Let's get right to it. I'd like to start over two thousand years ago, back in Ancient Rome. Rome was a young Republic, growing into a vast power that was already reshaping the mediterranean. Rome soon found itself at odds with the North African neighbor Carthage. Carthage was home to one of histories most famous generals, Hannibal. Most of us know something about Hannibal, we probably know he's a general, he fought Rome, he liked elephants a lot, wasn't too keen on mountains and crossing them, but got it done somehow. What most of us may not know, is how he was defeated. (You might be asking yourself, how is the pertinent, but stick with me, I promise it will become clear.) Defeating Hannibal came down to one guy, Quintus Fabius Maximus. See, after Hannibal somehow got his elephant riding army over the Alps, the Romans sent a large force to engage and destroy him. Well, turns out fighting an army that has war elephants was a lot harder than the Romans thought, and this force was destroyed, nearly to a man. Rome was in a panic. It had lost nearly all its fighting force to Hannibal, and it seemed that the entirety of Rome was on the eve of it's demise. Imagine if ISIS wasn't off in the middle east, but in Georgia, and they just destroyed America's army and you'll start to understand the fear the Romans where living under. So what do they do? they appoint Quintus Fabius Maximus as the dictator of Rome and give him full sweeping legal and military power to combat the invading Carthaginians at all costs. So what does Fabius do? He musters as many soldiers as quick as possible. He marches to the field of battle and realizes that it would be stupid to attack an army that is riding on elephants. So he just doesn't. He maneuvers around the army, like a long horrific dance. He only allows his army to engage in battle if he is 100% certain he'll win, and never commits his full force. He realizes that time is on his side, not his enemies. Hannibal's elephants were expensive and difficult to maintain. His soldiers also needed food and shelter. The Roman's were on their turf and Fabius realized that if he could just keep his army together long enough, eventually the Romans would train, equip, and muster a superior force. To make a long story short, Carthage does not defeat Rome. Rome wins the war and goes on to become one of the greatest empires of human history. The strategy of exhausting the enemy through attrition and mobility became known as Fabian military tactics.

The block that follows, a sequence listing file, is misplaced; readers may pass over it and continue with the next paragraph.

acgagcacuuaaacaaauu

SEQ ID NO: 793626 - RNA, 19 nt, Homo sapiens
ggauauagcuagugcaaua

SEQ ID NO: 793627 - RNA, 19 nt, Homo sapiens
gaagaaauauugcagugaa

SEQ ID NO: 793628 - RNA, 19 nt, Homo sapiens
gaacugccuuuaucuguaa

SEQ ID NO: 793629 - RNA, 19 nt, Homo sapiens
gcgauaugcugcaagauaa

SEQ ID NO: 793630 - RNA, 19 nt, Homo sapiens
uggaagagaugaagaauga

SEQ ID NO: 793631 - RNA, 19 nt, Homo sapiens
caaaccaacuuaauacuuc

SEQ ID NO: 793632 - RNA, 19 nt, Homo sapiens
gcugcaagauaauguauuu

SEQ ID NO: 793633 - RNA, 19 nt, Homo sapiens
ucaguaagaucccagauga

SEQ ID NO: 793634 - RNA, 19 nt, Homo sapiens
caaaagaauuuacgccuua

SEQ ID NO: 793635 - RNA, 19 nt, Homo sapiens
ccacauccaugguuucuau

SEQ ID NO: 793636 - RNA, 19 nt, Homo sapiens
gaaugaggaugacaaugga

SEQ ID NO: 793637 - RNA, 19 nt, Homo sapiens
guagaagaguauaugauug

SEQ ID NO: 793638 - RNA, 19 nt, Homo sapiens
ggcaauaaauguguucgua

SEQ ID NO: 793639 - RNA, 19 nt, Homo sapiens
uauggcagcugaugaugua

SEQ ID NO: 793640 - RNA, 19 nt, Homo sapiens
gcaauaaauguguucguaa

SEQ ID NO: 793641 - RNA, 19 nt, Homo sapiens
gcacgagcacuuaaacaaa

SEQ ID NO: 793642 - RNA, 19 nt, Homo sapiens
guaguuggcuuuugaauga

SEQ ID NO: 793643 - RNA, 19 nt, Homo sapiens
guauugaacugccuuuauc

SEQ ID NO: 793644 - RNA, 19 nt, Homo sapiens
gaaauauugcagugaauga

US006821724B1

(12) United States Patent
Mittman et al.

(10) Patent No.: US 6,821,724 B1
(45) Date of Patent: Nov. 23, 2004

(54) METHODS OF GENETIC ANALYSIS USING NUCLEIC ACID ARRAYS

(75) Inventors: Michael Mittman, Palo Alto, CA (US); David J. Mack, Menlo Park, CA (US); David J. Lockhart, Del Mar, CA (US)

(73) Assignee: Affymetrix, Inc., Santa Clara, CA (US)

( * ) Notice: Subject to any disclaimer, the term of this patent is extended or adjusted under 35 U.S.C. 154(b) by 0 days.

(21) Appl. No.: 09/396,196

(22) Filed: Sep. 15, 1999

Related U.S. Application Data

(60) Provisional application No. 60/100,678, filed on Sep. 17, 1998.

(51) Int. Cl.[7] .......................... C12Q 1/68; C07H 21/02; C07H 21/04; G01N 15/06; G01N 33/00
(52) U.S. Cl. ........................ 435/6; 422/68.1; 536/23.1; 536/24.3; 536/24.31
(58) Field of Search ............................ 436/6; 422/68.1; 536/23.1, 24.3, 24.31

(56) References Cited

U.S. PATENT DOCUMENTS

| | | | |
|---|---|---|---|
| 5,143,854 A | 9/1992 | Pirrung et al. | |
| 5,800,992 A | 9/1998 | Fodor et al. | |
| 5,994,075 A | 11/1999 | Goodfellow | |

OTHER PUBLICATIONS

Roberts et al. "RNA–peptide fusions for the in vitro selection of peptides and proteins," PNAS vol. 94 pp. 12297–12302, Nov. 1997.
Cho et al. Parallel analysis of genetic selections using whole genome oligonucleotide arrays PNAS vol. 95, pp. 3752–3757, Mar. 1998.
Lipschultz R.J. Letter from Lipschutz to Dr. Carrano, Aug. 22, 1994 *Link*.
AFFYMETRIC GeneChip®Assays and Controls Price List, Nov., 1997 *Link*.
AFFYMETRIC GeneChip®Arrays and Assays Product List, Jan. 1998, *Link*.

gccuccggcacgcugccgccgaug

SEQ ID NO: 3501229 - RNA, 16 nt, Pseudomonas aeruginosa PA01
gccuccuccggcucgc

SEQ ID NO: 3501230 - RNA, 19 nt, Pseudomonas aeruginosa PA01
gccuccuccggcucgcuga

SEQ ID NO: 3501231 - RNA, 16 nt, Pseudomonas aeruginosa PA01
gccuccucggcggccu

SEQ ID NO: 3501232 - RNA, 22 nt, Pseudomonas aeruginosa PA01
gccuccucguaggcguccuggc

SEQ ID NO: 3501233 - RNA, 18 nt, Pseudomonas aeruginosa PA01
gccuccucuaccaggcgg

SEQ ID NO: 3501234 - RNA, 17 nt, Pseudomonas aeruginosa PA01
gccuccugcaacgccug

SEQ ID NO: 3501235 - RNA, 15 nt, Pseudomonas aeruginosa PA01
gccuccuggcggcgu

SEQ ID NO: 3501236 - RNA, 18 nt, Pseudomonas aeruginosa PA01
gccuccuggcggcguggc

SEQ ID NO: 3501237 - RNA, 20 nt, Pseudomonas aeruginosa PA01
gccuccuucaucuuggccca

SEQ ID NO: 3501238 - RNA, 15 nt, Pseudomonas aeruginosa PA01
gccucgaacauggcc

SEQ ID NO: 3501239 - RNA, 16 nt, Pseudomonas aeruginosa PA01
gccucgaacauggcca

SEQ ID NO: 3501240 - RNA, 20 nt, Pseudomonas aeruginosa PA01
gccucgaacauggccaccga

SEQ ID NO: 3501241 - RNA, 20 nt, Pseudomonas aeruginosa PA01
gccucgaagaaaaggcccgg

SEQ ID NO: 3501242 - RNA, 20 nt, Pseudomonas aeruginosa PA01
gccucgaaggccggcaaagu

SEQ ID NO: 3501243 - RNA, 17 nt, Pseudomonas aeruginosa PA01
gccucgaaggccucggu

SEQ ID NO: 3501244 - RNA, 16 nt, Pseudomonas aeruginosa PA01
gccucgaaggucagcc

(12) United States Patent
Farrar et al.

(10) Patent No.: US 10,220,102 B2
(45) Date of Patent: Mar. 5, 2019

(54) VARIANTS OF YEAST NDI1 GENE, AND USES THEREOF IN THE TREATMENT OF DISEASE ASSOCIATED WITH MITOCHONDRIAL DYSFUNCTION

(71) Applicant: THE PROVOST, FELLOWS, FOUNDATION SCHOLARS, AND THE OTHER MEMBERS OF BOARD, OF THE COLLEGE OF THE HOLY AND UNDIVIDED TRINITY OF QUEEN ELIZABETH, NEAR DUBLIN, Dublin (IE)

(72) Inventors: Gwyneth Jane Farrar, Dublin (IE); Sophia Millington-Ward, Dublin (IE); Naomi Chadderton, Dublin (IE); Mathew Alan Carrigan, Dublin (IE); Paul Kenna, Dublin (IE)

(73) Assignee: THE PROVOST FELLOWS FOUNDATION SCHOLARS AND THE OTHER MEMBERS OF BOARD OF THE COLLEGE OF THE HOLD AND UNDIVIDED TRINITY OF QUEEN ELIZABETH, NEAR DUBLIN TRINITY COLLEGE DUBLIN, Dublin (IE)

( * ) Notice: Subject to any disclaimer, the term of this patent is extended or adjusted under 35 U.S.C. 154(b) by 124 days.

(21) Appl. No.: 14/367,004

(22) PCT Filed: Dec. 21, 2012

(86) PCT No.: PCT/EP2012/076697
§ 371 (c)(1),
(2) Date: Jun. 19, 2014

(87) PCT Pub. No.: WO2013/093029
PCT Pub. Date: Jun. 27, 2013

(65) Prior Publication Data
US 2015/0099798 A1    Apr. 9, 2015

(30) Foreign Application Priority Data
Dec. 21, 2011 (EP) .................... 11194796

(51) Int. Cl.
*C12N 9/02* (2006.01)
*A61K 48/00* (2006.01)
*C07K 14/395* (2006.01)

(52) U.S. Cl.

So I bet your thinking,"Great, thanks for the lesson about Rome, I thought you were talking about BSG and American history?" Well, here comes my comparison. You know who know all about Fabian military tactics? George Washington. I could stand up here all day and talk about George Washington, luckily for you guys, that isn't gonna happen today. To put it simply, he was obsessed with military glory. This was pointed out by one of Washington's biographers, Joseph J Ellis. Letter after letter, war council after war council, Washington wanted to meet the British on the field and with musket, bayonet, gun powder, and cannon ball. Early in the war, Washington makes such a stand in New York City. The year was 1776, the Americans had been at war with the British since fighting broke out in 1775, and the Declaration of Independence had recently been signed. The British sent Lord Howe with a major force of both men and ships to put down the rebellion. Washington had caught the British unprepared at Boston the previous year, forcing the British to retreat. Washington's next maneuver was to dig in at New York City, knowing it's strategic importance. Washington also guessed that the British would want to take it from the rebels. The British fleet sailed up the Hudson river and landed their troops with such ferocity and ease, the rebel forces took flight, causing General Washington to exclaim, "Are these the men with which I am to defend America?"